I made this photograph on April 13, 1984. It was a Friday, and I was then in my final months of my Senior year of High School.
If I recall correctly, in this instance I wasn’t ‘absent’ as Seniors were allowed to leave the school if they didn’t have a class, and there was an even greater freedom permitted on Fridays.
Anyway, I think the Palmer diamonds, where Central Vermont’s line crossed Conrail’s east-west Boston & Albany route was a better place for me to be on that Friday the 13th.
However, this negative was left in the ‘seconds’ file for many years. Not because of the subject matter, or any grave instance caused by the unlucky day. But rather because my processing skills were not yet up to par.
In addition to careless over-processing the negatives in Kodak Microdol-X (which in my view led to a grainy appearance coupled with slightly unpleasant contrast), I managed to add a few strategic scratches and water spots when drying them. Just basic poor handling on my part.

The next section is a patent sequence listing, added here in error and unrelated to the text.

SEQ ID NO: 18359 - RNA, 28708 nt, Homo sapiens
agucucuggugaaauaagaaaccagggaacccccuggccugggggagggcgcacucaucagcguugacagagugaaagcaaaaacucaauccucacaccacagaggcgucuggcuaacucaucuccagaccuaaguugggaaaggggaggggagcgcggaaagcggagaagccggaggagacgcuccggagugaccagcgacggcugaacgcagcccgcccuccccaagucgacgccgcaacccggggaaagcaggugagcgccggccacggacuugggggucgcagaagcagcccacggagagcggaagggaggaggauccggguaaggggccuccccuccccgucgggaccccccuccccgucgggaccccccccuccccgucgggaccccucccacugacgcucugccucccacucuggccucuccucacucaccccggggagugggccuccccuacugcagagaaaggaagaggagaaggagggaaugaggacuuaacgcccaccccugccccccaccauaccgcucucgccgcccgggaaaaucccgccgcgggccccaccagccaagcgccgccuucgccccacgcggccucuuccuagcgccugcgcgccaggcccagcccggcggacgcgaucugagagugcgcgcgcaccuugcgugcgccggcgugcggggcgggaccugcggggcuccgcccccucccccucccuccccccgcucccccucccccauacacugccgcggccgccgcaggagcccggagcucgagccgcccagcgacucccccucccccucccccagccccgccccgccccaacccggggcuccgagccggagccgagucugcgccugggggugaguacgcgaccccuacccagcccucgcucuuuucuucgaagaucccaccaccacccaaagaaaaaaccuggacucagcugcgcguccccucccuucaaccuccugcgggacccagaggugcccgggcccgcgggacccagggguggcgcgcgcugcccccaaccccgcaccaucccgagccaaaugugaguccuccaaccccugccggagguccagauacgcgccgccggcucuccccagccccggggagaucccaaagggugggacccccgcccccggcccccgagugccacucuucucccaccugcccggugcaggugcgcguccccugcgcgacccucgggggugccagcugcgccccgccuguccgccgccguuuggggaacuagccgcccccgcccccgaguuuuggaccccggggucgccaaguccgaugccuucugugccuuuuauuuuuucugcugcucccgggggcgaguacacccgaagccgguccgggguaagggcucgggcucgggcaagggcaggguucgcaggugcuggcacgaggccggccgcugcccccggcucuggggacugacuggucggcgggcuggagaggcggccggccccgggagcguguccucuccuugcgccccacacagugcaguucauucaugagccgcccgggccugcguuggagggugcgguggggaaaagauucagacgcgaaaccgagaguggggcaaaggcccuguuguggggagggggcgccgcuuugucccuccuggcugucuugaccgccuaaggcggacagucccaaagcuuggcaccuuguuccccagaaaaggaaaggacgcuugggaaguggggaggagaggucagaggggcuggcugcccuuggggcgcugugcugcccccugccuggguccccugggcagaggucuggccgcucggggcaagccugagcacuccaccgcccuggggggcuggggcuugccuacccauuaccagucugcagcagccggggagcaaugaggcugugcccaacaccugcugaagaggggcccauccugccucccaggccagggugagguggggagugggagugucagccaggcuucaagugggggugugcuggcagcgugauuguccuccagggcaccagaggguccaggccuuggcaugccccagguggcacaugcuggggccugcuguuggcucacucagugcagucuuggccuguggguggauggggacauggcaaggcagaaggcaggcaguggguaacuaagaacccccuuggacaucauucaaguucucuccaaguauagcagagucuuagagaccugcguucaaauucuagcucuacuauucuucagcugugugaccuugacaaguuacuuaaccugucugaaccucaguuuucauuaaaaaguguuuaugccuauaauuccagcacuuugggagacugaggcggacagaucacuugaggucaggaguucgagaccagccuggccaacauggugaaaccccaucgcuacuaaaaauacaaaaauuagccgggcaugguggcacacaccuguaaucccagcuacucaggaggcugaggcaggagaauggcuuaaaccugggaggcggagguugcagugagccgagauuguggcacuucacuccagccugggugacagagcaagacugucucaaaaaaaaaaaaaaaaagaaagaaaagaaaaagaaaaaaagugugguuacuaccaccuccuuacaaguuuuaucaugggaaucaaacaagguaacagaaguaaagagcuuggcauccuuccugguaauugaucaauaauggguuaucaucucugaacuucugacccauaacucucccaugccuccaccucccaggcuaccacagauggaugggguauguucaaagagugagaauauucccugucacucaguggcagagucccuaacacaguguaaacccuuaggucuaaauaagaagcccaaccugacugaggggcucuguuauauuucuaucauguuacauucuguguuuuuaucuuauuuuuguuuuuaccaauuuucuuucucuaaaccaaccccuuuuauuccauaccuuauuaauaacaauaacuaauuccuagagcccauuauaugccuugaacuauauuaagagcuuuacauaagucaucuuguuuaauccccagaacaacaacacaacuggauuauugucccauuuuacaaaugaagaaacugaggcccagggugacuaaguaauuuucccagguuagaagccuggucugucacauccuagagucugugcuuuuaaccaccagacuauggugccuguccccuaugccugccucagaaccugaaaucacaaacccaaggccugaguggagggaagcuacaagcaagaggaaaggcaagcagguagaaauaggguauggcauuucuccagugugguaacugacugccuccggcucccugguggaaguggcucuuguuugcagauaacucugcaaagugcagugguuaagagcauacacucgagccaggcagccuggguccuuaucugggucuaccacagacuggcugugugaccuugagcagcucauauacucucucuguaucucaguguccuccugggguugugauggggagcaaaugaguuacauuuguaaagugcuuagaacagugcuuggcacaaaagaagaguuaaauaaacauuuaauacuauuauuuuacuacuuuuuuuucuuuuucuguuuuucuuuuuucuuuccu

While the scene is fascinating to me now, as it reveals just how much Palmer has changed over the 31 year interval, at the time it was common. It was easier to return to Palmer and expose more negatives, than worry about correcting my processing faults.
Ultimately, I refined my black & white process. Today, using Lightroom, I spent some time to rid the flaws in the original negatives including spots, scratches, contrast, and put the image on level.
I’ve presented four variations beginning with the raw unmodified scan. The fourth represents the most amount of manipulation in post processing.
Which do you like the best?
Tracking the Light Posts Daily!